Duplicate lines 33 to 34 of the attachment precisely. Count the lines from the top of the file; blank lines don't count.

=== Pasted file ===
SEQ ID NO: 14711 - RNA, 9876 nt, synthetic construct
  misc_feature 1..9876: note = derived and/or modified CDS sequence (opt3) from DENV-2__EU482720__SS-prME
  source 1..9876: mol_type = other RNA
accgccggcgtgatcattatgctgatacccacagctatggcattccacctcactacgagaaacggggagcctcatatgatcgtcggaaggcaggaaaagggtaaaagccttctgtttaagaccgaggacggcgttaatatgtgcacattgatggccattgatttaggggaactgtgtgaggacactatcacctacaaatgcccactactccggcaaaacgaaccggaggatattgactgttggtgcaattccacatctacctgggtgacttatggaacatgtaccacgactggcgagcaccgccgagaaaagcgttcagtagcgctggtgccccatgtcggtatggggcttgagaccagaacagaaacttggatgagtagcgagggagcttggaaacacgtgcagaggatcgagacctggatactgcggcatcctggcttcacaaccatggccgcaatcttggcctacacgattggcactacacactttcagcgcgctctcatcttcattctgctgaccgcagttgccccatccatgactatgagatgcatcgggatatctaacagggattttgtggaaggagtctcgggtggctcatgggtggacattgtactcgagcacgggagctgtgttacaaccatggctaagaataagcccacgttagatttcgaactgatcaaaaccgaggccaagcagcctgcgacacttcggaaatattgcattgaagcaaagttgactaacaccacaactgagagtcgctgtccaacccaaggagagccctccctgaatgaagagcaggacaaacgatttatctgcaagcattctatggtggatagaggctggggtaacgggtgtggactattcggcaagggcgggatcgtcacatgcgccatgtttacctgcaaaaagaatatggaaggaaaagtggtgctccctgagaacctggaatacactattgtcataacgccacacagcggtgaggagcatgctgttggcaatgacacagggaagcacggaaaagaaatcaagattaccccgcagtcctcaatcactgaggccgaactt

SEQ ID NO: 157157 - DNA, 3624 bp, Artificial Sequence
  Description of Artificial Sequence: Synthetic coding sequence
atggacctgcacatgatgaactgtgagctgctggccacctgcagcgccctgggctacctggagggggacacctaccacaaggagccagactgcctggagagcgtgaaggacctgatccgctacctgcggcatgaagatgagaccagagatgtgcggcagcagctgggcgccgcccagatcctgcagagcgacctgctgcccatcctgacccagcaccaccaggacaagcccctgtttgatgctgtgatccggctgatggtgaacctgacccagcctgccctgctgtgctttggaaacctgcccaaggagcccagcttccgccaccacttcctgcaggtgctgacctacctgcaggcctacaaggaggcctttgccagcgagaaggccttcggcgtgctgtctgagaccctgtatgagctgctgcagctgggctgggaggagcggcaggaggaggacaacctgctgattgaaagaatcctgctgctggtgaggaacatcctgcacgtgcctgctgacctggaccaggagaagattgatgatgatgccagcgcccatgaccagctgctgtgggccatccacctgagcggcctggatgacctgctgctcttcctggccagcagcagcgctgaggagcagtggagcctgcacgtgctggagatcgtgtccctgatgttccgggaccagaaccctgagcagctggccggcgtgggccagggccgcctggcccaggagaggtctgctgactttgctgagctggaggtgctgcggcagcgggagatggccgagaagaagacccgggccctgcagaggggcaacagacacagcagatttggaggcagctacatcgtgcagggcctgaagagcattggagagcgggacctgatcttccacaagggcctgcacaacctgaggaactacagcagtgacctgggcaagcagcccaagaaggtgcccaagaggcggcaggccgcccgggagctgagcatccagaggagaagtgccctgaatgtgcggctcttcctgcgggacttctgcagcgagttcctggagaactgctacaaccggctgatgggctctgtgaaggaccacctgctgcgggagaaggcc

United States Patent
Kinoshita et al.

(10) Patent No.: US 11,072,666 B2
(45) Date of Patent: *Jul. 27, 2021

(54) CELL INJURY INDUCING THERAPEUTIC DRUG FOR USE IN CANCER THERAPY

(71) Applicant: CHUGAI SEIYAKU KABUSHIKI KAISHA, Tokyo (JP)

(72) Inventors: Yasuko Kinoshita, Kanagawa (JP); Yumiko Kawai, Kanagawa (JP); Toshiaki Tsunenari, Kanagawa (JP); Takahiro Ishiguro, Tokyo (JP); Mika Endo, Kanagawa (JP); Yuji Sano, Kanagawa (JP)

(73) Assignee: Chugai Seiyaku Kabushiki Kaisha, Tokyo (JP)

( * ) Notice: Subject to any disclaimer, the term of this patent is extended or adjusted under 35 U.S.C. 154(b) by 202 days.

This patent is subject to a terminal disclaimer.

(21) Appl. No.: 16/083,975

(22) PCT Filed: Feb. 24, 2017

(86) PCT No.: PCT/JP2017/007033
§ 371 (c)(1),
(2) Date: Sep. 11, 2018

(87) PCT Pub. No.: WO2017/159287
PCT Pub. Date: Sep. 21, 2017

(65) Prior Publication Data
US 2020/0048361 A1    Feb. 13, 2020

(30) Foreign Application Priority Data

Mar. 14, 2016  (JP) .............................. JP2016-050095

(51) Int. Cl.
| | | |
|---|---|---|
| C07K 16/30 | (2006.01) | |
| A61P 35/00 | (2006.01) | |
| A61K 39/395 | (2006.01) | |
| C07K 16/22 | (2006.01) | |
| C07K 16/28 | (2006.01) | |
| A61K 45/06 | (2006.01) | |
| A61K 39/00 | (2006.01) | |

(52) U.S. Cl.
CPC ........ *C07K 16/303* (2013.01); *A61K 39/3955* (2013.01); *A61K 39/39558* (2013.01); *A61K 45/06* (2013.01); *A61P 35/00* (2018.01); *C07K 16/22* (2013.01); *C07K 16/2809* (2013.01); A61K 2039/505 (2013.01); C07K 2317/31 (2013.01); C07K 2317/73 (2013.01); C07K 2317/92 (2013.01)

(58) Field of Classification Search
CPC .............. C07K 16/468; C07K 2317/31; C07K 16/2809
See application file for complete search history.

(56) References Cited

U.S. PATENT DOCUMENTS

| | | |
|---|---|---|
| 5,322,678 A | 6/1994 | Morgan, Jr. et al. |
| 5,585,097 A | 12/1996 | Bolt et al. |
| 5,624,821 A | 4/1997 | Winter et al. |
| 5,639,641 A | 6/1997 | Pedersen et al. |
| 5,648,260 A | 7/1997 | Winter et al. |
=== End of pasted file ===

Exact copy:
| A61P 35/00 | (2006.01) | |
| A61K 39/395 | (2006.01) | |